Tuesday News Roundup: Ex-New Mexico Gov. Johnson Named Pot Company CEO
Ex-New Mexico Gov. Johnson Named Pot Company CEO - Russell Contreras, The Associated Press
Former New Mexico Gov. Gary Johnson has been named the CEO of a Nevada-based company that hopes to make medical and recreational marijuana products.
Johnson said Tuesday he was recently named CEO and president of Cannabis Sativa, Inc., and intends to work out of New Mexico to help develop products that are legal in states like Colorado and Washington.
The former Libertarian presidential candidate says the company will make marijuana-based oils aimed at helping children with epilepsy. He also says it will make cough drop-like products for recreational use.
In addition, of Cannabis Sativa announced Tuesday it has acquired marijuana research company Kush and named that company's founder, Steve Kubby, as its chairman.
Kubby was the 1998 Libertarian Party nominee for California governor.
Lawmakers Question Hefty Payments To Arizona Providers – The Santa Fe New Mexican
Some New Mexico lawmakers want a review of how Arizona behavioral health companies spent millions after documents obtained by the Santa Fe New Mexican show wide-open billing practices that were approved by the NM Human Services Department.
In one example, invoices submitted to the state for reimbursement show that the executive and management team of Open Skies Healthcare routinely billed the state $250 to $300 an hour for wait times at airports and extremely long workdays.
The New Mexican obtained invoices for another replacement provider, La Frontera Center, that revealed that managers and executives charged the state hourly rates of $200 to $300 for tasks such as “making staff IDs” and “janitorial and grounds” services.
One time card submitted to the state by Open Skies Healthcare claimed a manager logged 37 consecutive hours of work at a rate of $250 an hour. The state approved the invoice and paid more than $25-thousand dollars for the manager’s work that week.
Journalist Patrick Malone obtained the documents through an Inspection of Public Records Act. The story is in the Santa Fe New Mexican.
Teachers' Evaluations Could Affect Paychecks – The Associated Press and Albuquerque Journal
New Mexico's new teacher evaluation system could have consequences for the paychecks of teachers who receive poor ratings.
Public Education Secretary Hannah Skandera tells the Albuquerque Journal that teachers who get the two lowest ratings could face delays in moving up in the state's licensing system's three tiers.
Those tiers have progressively higher minimum pay.
However, Skandera says the system has flexibility because teachers with low ratings in the evaluation system can still move forward if their school principals say the teachers have improved since their last evaluations.
Otherwise, the teachers have to wait for the next annual evaluation.
Northern New Mexico Fire Grows To 3 Square Miles - The Associated Press
A wildfire in the Santa Fe National Forest has grown to an estimated 3 square miles plus as it sends smoke as far away as Albuquerque, about 75 miles to the south.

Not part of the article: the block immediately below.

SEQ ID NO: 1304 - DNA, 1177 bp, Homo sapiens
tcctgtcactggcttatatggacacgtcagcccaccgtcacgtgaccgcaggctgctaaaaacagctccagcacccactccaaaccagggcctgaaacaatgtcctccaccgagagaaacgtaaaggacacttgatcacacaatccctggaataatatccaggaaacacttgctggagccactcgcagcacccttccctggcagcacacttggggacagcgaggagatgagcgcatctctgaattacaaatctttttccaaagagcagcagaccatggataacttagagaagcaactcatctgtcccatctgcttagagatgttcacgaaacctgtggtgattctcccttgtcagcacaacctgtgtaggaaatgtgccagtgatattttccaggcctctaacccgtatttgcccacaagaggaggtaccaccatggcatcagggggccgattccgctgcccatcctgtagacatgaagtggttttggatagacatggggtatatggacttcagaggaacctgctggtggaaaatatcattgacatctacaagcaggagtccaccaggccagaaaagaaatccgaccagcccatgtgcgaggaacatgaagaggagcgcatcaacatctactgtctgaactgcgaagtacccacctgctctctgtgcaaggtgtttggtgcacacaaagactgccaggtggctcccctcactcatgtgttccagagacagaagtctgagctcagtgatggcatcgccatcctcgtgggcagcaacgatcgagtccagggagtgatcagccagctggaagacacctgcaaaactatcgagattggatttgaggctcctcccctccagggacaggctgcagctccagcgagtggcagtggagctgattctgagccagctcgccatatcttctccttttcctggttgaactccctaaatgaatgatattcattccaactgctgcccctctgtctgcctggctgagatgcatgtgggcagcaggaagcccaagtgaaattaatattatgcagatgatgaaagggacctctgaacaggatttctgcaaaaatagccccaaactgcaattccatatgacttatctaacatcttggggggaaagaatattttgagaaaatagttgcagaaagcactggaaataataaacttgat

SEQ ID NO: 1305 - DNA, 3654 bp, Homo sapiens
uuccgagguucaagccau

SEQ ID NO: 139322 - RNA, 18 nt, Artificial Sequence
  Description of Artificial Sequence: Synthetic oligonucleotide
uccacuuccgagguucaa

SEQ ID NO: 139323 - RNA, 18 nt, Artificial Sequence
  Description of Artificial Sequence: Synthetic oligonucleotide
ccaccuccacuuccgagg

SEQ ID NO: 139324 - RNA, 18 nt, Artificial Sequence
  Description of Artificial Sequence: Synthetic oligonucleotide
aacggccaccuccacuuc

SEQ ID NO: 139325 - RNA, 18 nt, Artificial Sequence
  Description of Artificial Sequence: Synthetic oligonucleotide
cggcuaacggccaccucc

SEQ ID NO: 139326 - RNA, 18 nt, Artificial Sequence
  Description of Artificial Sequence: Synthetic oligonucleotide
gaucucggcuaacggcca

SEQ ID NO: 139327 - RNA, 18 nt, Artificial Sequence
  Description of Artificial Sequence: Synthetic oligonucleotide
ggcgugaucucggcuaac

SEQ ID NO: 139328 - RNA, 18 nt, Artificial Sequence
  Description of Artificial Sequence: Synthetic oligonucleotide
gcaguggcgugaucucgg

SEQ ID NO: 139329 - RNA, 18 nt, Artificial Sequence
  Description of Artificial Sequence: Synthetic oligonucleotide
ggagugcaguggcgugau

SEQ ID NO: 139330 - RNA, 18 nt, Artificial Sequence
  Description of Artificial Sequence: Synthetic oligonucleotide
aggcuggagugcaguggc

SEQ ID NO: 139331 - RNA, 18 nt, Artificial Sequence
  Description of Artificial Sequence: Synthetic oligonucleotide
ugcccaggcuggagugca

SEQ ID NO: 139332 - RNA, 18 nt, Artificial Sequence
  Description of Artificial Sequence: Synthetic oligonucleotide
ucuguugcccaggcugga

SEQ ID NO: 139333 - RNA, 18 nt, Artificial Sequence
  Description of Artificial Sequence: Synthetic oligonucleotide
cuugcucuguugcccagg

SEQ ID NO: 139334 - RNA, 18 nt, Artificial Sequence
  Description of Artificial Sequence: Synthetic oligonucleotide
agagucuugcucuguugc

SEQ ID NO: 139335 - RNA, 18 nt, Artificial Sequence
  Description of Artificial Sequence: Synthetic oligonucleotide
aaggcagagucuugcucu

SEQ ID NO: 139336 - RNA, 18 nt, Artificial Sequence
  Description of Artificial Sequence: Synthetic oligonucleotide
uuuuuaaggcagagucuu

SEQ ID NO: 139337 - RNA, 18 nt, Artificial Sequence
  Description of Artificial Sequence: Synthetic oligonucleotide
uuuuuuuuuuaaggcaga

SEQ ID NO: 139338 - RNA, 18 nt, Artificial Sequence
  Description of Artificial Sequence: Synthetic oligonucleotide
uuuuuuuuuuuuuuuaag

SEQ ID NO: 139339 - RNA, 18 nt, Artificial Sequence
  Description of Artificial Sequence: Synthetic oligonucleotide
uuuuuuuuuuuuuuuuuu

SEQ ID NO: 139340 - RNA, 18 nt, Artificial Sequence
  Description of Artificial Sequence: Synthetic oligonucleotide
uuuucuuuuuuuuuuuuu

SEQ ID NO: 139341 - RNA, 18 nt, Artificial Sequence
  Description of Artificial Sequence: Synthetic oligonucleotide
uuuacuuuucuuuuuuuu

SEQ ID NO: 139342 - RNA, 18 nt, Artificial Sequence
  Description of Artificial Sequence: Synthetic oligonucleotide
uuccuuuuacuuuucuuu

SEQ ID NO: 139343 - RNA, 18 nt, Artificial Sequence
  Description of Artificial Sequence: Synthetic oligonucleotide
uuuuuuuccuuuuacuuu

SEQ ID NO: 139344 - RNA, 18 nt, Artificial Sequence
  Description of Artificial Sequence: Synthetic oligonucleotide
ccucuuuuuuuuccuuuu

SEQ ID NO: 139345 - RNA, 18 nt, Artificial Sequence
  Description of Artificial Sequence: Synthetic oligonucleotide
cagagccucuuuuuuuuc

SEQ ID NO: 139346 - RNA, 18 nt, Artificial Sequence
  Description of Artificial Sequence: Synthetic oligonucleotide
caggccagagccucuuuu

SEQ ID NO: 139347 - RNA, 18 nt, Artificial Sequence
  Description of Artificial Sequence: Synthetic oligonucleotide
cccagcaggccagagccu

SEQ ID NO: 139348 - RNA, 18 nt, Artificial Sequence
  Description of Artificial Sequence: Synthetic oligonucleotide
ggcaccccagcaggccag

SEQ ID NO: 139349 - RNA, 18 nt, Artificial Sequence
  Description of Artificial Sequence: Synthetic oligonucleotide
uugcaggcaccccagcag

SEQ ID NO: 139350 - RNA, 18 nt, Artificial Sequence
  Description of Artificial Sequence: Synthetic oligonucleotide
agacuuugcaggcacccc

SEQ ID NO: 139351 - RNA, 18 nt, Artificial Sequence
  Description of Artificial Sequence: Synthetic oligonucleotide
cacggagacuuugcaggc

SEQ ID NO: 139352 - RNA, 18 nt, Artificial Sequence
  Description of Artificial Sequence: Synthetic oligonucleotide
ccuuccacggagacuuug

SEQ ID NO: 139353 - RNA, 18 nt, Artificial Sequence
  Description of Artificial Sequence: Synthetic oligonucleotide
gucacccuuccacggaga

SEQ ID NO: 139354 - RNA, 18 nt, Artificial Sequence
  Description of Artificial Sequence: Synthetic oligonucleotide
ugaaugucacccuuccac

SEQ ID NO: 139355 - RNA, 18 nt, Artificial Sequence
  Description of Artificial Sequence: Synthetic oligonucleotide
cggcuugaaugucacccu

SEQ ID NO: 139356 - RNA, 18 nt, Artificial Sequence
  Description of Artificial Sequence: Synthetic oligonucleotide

The lightning-sparked Diego Fire located nine miles southwest of Coyote is burning in mixed conifer forest with many dead or downed trees, and officials say groups of trees catch fire at a time.
Yesterday the fire made a run to the southeast, resulting in officers going door to door to ask residents of the sparsely populated area to leave their homes.
At last report it was unknown how many families were affected by the evacuations in the community of Jarosa and the surrounding area.
Forest Officials Restrict Hours At Catwalk Area - The Associated Press
Forest officials have decided to limit visiting hours at the Catwalk National Recreation Area in southwestern New Mexico during the summer monsoon season.
The reason is afternoon thunderstorms and heavy rain could contribute to flooding along NM Highway 174. Officials say there's also a risk of not being able to alert visitors in a timely manner if flooding is forecast for the area.
Starting Wednesday, the area will be open from 8 a.m. until 1 p.m. daily. The limited hours are expected to stay in place through the end of the monsoon season.
Glenwood District Ranger Debbie Cress says the restrictions are aimed at ensuring public safety. She says flooding and high water flows are still likely from the burn scar left behind by the 2012 Whitewater-Baldy Fire.
Albuquerque To Host World Cup Viewing Party - The Associated Press
The city of Albuquerque is inviting soccer fans to watch the United States take on Belgium in the knockout round of the World Cup.
A city-sponsored watch party will be held this afternoon at the KiMo Theatre in downtown Albuquerque.
The party starts at 1 o’clock, an hour before the game, which will be broadcast on the KiMo's new, state of the art silver screen.
Admission is free and a light concession stand will be open.
New Mexico To Sell Elk Licenses To Young Hunters - The Associated Press
Young New Mexicans have a chance starting next week to obtain a license to hunt elk this season.
The Game and Fish Department is offering for sale more than 2,000 youth licenses for hunting antlerless elk.
The online sale starts July 9 and the licenses are for hunters who will be under age 18 on the opening day of the hunt.
The licenses are sold on a first-come, first-served basis.
Starting July 23, young out-of-state hunters are eligible to buy a license if they didn't previously draw an elk permit in the lottery.
The department said the sale is intended to encourage hunting by young sportsmen.